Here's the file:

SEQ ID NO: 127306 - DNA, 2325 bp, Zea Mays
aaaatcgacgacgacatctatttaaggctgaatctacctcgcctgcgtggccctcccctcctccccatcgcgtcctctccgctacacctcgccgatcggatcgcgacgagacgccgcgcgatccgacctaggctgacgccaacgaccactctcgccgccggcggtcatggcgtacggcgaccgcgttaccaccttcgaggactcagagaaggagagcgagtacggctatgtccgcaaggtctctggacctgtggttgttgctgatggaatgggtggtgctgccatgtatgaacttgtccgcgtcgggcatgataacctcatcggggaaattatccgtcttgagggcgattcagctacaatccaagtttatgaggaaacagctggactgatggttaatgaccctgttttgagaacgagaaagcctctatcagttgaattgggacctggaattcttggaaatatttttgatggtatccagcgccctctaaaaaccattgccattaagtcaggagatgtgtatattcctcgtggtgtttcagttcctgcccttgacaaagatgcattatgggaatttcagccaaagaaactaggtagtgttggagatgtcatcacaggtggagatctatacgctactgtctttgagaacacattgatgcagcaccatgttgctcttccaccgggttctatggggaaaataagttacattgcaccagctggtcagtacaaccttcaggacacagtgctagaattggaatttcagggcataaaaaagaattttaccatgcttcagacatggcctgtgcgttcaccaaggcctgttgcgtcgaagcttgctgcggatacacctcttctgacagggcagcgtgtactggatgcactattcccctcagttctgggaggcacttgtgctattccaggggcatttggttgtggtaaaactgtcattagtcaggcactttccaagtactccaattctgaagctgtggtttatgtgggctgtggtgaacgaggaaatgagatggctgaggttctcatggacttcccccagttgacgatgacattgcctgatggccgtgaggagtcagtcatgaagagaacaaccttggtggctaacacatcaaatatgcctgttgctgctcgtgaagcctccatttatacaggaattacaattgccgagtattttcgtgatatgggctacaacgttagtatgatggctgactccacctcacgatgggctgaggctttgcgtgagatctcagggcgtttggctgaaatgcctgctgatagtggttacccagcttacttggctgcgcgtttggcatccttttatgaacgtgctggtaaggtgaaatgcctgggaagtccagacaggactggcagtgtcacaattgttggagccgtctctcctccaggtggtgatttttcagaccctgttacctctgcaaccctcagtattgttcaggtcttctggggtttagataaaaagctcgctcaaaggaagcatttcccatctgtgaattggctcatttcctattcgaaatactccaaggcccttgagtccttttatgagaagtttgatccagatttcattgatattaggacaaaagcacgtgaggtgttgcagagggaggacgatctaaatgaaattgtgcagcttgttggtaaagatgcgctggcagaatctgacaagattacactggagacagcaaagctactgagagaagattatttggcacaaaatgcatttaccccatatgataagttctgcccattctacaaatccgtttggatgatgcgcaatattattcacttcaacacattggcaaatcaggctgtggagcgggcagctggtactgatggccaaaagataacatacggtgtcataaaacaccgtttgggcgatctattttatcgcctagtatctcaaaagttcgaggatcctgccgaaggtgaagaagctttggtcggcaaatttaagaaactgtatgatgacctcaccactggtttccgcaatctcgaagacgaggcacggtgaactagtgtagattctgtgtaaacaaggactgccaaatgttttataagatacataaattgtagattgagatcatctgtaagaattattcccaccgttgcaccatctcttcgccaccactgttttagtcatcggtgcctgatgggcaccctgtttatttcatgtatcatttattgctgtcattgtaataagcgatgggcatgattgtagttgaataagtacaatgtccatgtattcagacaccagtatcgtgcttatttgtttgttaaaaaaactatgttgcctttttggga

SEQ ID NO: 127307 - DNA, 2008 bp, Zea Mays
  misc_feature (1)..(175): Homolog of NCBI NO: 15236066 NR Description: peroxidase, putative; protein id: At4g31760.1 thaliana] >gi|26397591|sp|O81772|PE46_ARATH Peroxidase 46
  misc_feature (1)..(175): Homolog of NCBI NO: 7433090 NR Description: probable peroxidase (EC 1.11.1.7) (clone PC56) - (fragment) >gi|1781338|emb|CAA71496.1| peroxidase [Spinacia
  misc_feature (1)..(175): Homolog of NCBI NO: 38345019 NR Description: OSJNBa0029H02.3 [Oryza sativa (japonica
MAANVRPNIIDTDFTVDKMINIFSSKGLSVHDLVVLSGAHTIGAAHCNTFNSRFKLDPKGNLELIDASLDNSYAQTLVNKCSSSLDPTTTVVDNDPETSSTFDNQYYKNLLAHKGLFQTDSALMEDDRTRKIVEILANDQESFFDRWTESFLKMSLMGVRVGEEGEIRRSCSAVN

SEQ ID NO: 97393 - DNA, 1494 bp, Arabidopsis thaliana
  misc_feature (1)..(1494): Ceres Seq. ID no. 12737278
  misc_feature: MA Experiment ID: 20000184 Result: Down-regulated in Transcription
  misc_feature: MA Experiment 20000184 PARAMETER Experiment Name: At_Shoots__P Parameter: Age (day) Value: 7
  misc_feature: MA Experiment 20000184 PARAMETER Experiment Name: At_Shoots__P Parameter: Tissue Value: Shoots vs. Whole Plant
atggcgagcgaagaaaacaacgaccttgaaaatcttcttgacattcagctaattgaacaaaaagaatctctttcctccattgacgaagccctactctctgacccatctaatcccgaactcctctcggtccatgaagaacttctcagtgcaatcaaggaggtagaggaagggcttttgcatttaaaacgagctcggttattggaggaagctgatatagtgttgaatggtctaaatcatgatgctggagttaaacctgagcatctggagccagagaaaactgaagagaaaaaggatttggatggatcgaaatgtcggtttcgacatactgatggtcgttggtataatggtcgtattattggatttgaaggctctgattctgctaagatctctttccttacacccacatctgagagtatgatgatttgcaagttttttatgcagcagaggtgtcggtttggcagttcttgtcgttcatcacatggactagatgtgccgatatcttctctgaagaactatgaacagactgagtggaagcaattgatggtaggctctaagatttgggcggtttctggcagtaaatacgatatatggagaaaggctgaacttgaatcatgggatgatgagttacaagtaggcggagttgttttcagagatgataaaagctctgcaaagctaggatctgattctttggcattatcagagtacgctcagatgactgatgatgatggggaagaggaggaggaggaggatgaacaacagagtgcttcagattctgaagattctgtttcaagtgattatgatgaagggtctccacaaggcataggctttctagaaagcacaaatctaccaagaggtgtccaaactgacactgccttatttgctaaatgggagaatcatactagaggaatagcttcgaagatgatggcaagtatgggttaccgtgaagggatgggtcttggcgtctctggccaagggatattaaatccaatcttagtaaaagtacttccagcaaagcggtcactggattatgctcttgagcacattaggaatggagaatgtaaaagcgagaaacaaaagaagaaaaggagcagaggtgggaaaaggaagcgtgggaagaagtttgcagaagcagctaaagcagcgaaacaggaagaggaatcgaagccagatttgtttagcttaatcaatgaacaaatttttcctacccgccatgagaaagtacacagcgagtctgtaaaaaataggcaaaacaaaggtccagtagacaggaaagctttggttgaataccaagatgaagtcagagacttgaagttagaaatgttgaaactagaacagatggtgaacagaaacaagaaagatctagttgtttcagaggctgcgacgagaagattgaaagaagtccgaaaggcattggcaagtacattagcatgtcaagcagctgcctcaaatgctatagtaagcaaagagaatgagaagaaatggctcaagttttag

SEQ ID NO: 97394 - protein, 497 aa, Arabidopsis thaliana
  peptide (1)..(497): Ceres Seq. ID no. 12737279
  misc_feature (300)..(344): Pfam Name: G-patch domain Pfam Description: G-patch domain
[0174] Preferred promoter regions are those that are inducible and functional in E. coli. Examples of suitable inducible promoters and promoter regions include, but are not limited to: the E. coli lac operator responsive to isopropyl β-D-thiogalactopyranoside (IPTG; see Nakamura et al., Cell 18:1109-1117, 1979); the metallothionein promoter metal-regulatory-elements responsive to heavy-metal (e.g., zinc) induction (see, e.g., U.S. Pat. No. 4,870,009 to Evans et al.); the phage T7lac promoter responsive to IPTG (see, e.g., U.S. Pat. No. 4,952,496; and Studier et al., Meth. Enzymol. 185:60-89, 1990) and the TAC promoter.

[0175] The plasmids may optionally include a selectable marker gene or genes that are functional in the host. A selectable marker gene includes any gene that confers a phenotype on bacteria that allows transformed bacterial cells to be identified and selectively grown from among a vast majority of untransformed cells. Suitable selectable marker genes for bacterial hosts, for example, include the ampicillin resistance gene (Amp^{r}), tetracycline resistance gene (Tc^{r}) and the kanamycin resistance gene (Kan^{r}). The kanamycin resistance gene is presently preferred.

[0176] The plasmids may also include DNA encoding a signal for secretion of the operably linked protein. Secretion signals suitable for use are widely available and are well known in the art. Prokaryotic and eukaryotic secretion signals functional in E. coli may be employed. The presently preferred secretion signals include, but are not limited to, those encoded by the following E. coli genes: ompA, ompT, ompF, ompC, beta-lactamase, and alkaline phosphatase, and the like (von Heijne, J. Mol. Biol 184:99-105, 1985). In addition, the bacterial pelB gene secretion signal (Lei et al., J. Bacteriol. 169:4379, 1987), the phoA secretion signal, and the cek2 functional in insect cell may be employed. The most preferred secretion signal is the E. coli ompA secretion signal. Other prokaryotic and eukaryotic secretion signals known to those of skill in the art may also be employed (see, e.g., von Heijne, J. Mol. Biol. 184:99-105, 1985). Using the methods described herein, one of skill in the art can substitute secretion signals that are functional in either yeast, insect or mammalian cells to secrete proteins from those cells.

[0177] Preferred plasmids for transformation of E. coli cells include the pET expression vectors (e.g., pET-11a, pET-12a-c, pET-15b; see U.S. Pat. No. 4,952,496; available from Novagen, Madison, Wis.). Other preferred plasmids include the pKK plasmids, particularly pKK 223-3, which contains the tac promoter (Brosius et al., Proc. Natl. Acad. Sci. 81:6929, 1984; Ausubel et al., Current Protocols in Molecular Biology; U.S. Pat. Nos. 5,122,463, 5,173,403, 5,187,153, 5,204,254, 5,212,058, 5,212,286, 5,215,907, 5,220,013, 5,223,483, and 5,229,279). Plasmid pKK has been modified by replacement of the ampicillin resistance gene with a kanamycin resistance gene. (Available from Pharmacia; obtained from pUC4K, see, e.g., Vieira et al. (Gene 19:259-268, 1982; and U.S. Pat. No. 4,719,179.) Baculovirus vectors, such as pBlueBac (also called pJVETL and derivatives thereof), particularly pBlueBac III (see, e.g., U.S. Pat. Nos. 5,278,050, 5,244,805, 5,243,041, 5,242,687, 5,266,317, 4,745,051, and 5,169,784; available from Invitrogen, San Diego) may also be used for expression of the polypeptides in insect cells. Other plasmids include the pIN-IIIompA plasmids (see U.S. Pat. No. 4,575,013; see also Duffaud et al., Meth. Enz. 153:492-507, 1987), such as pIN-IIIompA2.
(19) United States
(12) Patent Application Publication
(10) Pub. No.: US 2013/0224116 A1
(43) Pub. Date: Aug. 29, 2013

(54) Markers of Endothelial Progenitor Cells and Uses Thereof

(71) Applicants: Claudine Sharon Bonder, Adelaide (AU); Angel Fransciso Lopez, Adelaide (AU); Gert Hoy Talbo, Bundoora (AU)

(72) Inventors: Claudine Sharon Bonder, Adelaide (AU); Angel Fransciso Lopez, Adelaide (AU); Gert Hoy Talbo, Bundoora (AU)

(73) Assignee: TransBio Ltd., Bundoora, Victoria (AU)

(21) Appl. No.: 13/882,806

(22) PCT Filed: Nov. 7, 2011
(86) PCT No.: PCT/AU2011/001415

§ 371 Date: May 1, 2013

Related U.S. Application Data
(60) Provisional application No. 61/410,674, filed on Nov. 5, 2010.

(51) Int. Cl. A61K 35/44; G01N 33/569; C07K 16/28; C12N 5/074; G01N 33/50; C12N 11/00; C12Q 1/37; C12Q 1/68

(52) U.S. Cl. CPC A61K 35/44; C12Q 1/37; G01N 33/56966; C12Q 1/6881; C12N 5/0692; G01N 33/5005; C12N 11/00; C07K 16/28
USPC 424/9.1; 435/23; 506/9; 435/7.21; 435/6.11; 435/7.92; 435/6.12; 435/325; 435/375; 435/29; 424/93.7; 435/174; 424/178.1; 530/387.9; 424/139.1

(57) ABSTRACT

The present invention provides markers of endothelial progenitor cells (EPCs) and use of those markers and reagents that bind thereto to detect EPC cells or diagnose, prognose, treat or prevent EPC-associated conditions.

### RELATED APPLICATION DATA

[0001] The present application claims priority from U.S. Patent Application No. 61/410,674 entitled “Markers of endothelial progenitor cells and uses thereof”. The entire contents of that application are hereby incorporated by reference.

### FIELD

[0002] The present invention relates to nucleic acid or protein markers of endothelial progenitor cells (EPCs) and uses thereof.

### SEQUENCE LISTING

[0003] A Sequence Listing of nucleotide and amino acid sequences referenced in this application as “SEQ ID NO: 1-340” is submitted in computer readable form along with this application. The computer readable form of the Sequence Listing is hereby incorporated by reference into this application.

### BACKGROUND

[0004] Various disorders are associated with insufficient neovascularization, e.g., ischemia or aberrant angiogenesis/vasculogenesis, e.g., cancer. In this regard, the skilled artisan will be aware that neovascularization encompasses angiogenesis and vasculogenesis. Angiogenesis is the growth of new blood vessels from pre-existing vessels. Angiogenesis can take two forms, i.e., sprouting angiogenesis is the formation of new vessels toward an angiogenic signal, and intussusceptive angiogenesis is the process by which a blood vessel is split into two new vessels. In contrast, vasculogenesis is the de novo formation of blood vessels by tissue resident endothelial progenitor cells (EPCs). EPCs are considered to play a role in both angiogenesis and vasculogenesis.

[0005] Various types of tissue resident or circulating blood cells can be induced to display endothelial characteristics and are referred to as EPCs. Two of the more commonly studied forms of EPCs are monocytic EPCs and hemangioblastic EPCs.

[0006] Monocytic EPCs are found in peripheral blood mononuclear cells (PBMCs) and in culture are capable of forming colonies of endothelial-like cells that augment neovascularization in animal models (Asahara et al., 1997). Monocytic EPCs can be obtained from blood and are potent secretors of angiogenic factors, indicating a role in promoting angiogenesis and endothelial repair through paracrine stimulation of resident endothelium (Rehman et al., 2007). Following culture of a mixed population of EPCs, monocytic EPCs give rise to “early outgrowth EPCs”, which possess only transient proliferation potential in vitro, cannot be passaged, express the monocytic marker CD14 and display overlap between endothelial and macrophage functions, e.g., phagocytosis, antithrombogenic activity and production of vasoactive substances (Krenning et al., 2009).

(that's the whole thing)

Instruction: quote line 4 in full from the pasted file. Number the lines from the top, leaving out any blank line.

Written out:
  misc_feature (1)..(175): Homolog of NCBI NO: 15236066 NR Description: peroxidase, putative; protein id: At4g31760.1 thaliana] >gi|26397591|sp|O81772|PE46_ARATH Peroxidase 46